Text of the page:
While the pandemic has revealed opportunities for the ESFL, Rachleff believes it has also laid bare the grave inequities within our society. “My big thing these days is don’t you dare say we should go back to normal [after the pandemic],” Rachleff says, “because normal is what got us into this situation and this is an opportunity to see what’s wrong. We as a culture are not taking care of each other.”
Yet Rachleff remains invested in his vision and hopeful for the possibility of change. “I’m more convinced of its validity than ever,” Rachleff says. “Every social economic political structure was made by people and people can change them.”
While on a different scale, another of Rachleff’s heartfelt hopes for the future is to strengthen the relationship between the ESFL and Metropolitan State University – an institution he sees as being closely aligned in both “proximity and mission.”
“Metropolitan State has always been interwoven with the community,” Rachleff says, “and that’s reflected in its projects, the work students do [while in school], and the work students do when they graduate -- both [our organizations] are about seeing that knowledge production takes place [throughout the community].”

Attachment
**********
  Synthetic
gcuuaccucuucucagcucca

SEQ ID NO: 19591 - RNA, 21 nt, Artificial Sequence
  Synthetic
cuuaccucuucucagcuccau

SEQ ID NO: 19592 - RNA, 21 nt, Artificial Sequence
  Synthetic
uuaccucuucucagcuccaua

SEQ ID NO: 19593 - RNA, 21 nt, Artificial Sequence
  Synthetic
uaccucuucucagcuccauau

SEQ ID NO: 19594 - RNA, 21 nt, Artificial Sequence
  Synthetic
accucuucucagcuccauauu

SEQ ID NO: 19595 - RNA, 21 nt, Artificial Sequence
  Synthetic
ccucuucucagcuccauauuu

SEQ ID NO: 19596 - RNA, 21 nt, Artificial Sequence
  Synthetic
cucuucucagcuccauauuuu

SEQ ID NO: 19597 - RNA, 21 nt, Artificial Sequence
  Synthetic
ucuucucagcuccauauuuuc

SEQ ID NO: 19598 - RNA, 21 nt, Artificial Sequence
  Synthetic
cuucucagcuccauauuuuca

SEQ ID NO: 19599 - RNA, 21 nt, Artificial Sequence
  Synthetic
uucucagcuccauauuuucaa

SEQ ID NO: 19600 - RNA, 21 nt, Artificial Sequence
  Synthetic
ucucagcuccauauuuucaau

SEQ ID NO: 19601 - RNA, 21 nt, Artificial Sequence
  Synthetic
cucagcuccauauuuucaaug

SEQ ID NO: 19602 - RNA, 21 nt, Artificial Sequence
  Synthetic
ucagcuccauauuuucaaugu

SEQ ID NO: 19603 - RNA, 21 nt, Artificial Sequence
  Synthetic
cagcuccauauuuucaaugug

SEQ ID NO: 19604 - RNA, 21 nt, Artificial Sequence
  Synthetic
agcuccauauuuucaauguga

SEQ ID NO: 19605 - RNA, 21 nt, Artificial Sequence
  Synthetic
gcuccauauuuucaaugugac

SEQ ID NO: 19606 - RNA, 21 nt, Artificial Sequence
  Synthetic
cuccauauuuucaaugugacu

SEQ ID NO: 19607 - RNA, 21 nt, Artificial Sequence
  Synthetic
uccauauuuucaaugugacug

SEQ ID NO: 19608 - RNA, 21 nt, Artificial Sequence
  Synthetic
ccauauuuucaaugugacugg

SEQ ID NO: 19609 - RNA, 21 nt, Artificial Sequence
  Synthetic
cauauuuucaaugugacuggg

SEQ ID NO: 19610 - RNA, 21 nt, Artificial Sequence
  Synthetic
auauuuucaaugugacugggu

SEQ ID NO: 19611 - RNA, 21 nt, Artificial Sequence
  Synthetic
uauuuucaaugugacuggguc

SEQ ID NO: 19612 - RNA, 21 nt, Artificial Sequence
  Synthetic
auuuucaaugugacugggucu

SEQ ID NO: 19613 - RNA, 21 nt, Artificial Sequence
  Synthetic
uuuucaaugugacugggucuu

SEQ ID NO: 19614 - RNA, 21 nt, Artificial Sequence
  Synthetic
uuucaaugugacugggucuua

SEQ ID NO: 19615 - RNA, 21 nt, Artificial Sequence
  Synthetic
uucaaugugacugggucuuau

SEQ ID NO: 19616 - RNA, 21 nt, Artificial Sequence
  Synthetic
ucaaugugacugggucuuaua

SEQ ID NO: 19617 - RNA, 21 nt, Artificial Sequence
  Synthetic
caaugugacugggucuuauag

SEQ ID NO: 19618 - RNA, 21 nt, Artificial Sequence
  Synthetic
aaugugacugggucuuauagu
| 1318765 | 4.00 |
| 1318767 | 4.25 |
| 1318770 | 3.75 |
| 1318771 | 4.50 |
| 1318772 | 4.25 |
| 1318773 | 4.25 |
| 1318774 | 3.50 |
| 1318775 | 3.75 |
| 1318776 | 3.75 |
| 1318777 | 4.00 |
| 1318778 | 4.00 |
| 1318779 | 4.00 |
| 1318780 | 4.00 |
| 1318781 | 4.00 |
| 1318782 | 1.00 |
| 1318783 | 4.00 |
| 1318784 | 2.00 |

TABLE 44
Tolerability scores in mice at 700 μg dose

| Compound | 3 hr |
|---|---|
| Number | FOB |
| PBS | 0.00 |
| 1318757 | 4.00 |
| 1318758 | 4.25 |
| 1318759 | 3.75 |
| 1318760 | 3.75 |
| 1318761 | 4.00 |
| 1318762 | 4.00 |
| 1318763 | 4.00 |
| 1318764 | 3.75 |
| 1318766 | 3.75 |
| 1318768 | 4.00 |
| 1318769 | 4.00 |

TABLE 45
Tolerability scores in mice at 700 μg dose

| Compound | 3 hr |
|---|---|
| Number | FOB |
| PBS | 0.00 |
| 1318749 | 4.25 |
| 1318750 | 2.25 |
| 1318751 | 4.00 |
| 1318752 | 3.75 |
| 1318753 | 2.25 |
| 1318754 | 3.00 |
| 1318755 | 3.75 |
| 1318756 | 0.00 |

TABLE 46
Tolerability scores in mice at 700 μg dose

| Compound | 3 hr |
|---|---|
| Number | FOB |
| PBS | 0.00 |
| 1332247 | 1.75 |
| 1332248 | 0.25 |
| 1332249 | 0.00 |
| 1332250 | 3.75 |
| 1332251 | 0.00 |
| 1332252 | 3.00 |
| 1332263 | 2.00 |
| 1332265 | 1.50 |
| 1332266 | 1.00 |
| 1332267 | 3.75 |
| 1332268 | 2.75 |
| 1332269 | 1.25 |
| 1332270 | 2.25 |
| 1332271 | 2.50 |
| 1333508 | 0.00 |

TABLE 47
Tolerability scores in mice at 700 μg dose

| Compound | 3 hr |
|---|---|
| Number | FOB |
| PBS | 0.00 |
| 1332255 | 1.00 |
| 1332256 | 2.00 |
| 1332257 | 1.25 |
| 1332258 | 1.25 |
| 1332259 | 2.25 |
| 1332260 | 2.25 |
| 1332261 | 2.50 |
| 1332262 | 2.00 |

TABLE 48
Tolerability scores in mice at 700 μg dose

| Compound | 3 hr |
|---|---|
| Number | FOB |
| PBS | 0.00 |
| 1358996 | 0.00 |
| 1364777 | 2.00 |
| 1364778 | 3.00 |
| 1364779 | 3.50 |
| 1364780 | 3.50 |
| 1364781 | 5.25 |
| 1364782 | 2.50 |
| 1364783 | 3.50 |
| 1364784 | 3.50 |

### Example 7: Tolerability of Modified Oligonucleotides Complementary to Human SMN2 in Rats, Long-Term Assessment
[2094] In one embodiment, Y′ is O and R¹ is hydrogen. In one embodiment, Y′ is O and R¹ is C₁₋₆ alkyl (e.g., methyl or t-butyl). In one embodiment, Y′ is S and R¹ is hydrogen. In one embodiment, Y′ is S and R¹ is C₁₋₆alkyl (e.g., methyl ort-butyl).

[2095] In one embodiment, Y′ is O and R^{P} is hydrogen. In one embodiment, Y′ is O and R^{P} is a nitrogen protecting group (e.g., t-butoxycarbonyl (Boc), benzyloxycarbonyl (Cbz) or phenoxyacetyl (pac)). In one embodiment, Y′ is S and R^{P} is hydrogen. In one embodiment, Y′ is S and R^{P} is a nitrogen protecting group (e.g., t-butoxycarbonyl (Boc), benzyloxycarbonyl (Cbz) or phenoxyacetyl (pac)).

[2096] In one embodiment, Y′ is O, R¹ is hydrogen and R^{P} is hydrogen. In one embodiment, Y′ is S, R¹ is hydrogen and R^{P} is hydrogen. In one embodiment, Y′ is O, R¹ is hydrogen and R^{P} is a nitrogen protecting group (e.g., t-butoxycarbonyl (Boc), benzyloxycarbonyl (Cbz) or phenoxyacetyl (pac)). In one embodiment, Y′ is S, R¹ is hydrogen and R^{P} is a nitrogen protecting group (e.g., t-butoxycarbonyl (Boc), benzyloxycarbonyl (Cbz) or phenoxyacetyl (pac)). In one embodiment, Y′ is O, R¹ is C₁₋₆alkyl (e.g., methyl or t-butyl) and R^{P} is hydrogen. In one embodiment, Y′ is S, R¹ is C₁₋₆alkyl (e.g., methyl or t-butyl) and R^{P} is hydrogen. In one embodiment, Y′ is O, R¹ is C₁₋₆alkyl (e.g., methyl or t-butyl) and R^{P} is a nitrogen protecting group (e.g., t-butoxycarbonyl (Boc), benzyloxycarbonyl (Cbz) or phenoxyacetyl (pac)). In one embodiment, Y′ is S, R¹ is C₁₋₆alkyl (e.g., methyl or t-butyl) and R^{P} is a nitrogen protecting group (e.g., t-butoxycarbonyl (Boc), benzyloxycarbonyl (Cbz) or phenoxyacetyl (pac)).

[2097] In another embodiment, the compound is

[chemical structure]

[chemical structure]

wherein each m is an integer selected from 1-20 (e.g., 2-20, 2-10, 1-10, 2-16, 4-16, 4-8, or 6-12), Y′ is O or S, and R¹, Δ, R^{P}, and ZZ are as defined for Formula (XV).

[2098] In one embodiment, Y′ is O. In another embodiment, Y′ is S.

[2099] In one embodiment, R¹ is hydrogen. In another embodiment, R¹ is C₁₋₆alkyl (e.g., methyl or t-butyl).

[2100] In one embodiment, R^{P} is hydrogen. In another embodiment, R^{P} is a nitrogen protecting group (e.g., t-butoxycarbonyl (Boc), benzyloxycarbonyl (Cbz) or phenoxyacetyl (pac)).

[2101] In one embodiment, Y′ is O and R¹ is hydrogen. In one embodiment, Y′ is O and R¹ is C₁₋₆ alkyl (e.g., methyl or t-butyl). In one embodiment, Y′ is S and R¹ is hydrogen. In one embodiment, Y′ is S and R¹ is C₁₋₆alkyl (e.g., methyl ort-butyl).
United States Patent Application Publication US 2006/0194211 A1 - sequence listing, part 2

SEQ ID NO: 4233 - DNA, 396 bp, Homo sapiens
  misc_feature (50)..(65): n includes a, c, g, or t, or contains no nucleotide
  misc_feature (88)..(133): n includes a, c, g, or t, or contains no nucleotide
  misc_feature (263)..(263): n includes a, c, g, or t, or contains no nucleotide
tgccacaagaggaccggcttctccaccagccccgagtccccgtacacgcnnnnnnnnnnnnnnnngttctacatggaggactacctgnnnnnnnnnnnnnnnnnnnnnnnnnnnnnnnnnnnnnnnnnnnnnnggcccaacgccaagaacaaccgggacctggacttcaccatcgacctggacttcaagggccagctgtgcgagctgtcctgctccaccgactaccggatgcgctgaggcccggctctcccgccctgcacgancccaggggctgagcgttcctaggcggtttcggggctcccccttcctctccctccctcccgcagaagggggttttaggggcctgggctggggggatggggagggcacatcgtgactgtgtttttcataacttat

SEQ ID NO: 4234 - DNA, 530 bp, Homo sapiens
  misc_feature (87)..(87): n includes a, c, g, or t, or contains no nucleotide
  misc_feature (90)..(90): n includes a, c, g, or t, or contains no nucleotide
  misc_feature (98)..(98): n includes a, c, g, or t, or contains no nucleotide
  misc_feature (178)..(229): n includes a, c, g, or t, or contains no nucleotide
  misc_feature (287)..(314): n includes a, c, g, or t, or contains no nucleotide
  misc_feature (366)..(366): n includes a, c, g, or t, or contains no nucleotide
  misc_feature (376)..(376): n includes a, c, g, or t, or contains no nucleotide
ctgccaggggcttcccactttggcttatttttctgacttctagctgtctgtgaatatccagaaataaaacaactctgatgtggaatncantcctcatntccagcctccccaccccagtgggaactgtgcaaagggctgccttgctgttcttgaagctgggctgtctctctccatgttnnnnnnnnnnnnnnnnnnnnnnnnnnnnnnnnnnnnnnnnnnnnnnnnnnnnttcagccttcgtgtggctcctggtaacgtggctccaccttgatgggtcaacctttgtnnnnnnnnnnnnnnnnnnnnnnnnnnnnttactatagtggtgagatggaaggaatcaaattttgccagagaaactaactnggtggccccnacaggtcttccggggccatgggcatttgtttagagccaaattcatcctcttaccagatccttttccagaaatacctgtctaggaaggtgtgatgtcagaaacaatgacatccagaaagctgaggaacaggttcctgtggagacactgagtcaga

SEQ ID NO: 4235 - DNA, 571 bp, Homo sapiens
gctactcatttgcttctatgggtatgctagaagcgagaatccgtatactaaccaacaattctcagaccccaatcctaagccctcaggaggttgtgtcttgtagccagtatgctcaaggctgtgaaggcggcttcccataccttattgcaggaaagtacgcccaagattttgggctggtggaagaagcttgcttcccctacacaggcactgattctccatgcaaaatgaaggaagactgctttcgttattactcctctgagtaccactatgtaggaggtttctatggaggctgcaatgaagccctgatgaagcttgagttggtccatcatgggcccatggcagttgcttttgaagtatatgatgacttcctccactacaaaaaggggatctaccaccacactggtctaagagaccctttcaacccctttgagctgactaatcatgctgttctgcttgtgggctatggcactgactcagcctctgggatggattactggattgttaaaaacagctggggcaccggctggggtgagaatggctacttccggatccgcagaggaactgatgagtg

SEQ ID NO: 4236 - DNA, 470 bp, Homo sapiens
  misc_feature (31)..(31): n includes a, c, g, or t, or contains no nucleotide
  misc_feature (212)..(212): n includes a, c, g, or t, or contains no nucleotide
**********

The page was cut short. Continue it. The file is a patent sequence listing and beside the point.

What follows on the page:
With the support of allies like Metropolitan State’s Institute for Community Engagement and Scholarship Acting Director Katie Peacock and Metropolitan State Professor Travis Sands, Rachleff is exploring ways for the ESFL to become more connected to the university. Rachleff hopes to raise awareness about the mission alignment between Metropolitan State and the ESFL and the opportunities going forward for the library to serve as a resource that adds to the experience of Metro students and faculty. “The library is a lovely place to come and be quiet, to talk and to think, only a mile from [Metro’s Saint Paul] campus,” Rachleff says.
While opportunities for gathering in physical spaces are, of course, presently limited, there are plenty of other ways to connect to the ESFL, including the library’s website, Facebook page, Instagram, YouTube channel, and Twitter – as well as joining the library e-newsletter’s some 6,000 subscribers.
Ultimately, despite the pandemic that has only further illuminated what he sees as society’s vast and deep-rooted injustices, Rachleff hasn’t lost his optimism. Among it all, Rachleff says, “I’m often surprised by the generosity of people; the kindness.” He pauses, then adds, “Well, I want to anticipate the best. It’s maybe not surprising, but it’s inspiring.” Nearly forty years since beginning his work in Minnesota, Rachleff holds on to that inspiration, and continues working toward solidarity, justice, and equity for all from his base in Saint Paul’s East Side.